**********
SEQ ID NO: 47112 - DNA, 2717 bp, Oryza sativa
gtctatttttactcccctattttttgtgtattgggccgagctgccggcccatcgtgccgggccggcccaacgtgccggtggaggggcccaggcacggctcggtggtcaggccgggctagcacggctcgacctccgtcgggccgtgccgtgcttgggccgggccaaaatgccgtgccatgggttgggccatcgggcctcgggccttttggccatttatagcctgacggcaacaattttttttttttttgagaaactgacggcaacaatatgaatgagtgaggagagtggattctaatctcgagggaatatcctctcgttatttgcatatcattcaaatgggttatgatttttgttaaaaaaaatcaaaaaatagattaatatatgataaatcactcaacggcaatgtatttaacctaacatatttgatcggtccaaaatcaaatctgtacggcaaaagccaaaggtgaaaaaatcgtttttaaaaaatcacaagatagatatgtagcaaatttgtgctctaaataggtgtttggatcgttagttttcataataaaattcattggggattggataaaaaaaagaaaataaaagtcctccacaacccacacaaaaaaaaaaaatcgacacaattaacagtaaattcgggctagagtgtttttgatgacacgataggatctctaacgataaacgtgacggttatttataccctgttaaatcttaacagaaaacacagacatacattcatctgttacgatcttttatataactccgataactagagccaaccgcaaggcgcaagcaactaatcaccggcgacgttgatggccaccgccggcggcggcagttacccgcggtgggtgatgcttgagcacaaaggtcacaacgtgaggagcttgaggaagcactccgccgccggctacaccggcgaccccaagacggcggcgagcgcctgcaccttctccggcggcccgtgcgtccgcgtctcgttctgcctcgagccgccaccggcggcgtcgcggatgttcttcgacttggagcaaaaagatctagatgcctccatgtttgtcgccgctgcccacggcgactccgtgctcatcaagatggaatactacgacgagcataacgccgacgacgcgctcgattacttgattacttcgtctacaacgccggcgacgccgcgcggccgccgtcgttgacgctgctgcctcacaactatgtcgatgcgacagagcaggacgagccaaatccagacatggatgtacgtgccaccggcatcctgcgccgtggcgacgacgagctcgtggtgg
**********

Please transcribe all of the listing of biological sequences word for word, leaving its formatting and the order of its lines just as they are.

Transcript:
SEQ ID NO: 47112 - DNA, 2717 bp, Oryza sativa
gtctatttttactcccctattttttgtgtattgggccgagctgccggcccatcgtgccgggccggcccaacgtgccggtggaggggcccaggcacggctcggtggtcaggccgggctagcacggctcgacctccgtcgggccgtgccgtgcttgggccgggccaaaatgccgtgccatgggttgggccatcgggcctcgggccttttggccatttatagcctgacggcaacaattttttttttttttgagaaactgacggcaacaatatgaatgagtgaggagagtggattctaatctcgagggaatatcctctcgttatttgcatatcattcaaatgggttatgatttttgttaaaaaaaatcaaaaaatagattaatatatgataaatcactcaacggcaatgtatttaacctaacatatttgatcggtccaaaatcaaatctgtacggcaaaagccaaaggtgaaaaaatcgtttttaaaaaatcacaagatagatatgtagcaaatttgtgctctaaataggtgtttggatcgttagttttcataataaaattcattggggattggataaaaaaaagaaaataaaagtcctccacaacccacacaaaaaaaaaaaatcgacacaattaacagtaaattcgggctagagtgtttttgatgacacgataggatctctaacgataaacgtgacggttatttataccctgttaaatcttaacagaaaacacagacatacattcatctgttacgatcttttatataactccgataactagagccaaccgcaaggcgcaagcaactaatcaccggcgacgttgatggccaccgccggcggcggcagttacccgcggtgggtgatgcttgagcacaaaggtcacaacgtgaggagcttgaggaagcactccgccgccggctacaccggcgaccccaagacggcggcgagcgcctgcaccttctccggcggcccgtgcgtccgcgtctcgttctgcctcgagccgccaccggcggcgtcgcggatgttcttcgacttggagcaaaaagatctagatgcctccatgtttgtcgccgctgcccacggcgactccgtgctcatcaagatggaatactacgacgagcataacgccgacgacgcgctcgattacttgattacttcgtctacaacgccggcgacgccgcgcggccgccgtcgttgacgctgctgcctcacaactatgtcgatgcgacagagcaggacgagccaaatccagacatggatgtacgtgccaccggcatcctgcgccgtggcgacgacgagctcgtggtgg